|Broadhurst Theatre||W. 44th St. (No. 235)||1186||Shubert Organization||Anastasia||Musical||April 24, 2017||March 31, 2019|
|Broadway Theatre||W. 53rd St & Broadway (No. 1681)||1761||Shubert Organization||King Kong||Musical||November 8, 2018||Open-ended|
|Brooks Atkinson Theatre||W. 47th St. (No. 256)||1094||Nederlander Organization||Waitress||Musical||April 24, 2016||Open-ended|
|Circle in the Square Theatre||W. 50th St. (No. 235)||840||Independent||Oklahoma!||Musical||April 7, 2019*||September 1, 2019|
|Cort Theatre||W. 48th St. (No. 138)||1084||Shubert Organization||King Lear||Play||April 4, 2019*||July 7, 2019|
|Ethel Barrymore Theatre||W. 47th St. (No. 243)||1096||Shubert Organization||The Band's Visit||Musical||November 9, 2017||April 7, 2019|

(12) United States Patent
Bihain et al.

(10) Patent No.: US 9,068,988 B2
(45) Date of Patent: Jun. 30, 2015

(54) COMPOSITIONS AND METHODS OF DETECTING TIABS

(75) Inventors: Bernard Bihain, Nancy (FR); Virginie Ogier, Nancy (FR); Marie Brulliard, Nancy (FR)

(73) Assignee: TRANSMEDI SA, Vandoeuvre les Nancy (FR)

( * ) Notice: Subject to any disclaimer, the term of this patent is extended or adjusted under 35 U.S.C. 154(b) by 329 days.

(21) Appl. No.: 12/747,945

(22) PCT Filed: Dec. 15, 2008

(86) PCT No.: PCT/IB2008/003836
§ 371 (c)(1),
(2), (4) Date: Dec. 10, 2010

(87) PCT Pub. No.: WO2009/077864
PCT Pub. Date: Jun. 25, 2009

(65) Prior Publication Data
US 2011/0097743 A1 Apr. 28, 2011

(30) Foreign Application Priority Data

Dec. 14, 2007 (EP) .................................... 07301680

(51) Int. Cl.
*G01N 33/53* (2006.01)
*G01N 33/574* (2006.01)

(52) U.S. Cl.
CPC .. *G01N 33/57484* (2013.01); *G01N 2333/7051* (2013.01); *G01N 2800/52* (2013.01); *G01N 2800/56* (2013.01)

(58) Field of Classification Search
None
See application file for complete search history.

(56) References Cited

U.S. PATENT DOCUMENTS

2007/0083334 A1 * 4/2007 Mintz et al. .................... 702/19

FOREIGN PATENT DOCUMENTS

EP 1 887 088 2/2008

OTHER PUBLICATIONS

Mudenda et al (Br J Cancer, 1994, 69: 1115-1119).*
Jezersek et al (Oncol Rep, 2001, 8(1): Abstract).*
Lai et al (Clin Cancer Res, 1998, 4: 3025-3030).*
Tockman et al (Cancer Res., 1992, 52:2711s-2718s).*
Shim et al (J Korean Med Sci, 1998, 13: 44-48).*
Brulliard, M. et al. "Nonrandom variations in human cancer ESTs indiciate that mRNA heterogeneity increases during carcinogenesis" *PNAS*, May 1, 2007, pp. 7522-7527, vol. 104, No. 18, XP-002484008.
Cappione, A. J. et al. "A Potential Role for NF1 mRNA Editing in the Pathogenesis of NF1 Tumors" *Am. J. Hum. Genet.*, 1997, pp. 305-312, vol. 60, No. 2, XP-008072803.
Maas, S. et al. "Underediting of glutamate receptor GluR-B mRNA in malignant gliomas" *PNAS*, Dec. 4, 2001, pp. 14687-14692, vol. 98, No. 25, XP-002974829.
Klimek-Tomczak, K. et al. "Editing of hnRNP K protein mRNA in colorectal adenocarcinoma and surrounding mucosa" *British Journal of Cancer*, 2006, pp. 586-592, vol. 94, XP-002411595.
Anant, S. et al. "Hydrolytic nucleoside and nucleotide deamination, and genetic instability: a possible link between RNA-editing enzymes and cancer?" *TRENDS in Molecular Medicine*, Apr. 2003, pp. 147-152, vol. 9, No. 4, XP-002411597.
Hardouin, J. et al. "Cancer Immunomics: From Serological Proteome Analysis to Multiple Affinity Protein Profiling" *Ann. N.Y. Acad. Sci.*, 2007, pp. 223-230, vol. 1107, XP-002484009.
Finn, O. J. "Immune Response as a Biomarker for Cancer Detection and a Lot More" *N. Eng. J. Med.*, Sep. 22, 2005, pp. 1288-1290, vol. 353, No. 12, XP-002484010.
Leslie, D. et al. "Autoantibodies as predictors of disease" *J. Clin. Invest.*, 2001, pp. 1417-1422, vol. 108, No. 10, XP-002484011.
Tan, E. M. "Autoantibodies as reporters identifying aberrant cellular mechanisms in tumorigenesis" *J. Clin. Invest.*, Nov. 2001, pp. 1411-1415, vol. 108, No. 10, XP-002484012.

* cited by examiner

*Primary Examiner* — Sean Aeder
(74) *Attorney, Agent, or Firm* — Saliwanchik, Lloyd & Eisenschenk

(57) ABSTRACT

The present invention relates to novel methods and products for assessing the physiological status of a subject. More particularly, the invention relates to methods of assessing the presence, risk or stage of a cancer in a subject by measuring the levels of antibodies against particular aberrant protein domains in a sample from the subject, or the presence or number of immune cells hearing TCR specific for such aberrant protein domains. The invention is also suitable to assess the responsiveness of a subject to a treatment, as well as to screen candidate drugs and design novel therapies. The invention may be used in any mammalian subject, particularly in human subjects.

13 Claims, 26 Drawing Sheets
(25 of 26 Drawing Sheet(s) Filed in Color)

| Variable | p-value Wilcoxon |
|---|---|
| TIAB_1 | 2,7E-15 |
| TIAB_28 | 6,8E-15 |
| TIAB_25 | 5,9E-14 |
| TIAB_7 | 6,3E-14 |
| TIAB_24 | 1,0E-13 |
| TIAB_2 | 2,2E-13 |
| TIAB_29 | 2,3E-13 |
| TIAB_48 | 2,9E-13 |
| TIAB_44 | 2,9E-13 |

|Eugene O'Neill Theatre||W. 49th St. (No. 230)||1066||Jujamcyn Theaters||The Book of Mormon||Musical||March 24, 2011||Open-ended|
|Gerald Schoenfeld Theatre||W. 45th St. (No. 236)||1079||Shubert Organization||Come from Away||Musical||March 12, 2017||Open-ended|
|Gershwin Theatre||W. 51st St. (No. 222)||1933||Nederlander Organization||Wicked||Musical||October 30, 2003||Open-ended|
|Hayes Theater||W. 44th St. (No. 240)||597||Second Stage Theater||What the Constitution Means to Me||Play||March 31, 2019*||June 9, 2019|
|Hudson Theatre||W. 44th St. (No. 141)||975||Ambassador Theatre Group||Burn This||Play||April 16, 2019*||July 7, 2019|
|Imperial Theatre||W. 45th St. (No. 249)||1443||Shubert Organization||Ain't Too Proud||Musical||March 21, 2019*||Open-ended|
|John Golden Theatre||W. 45th St. (No. 252)||805||Shubert Organization||Hillary and Clinton||Play||April 18, 2019*||July 21, 2019|
|Longacre Theatre||W. 48th St. (No. 220)||1091||Shubert Organization||The Prom||Musical||November 15, 2018||Open-ended|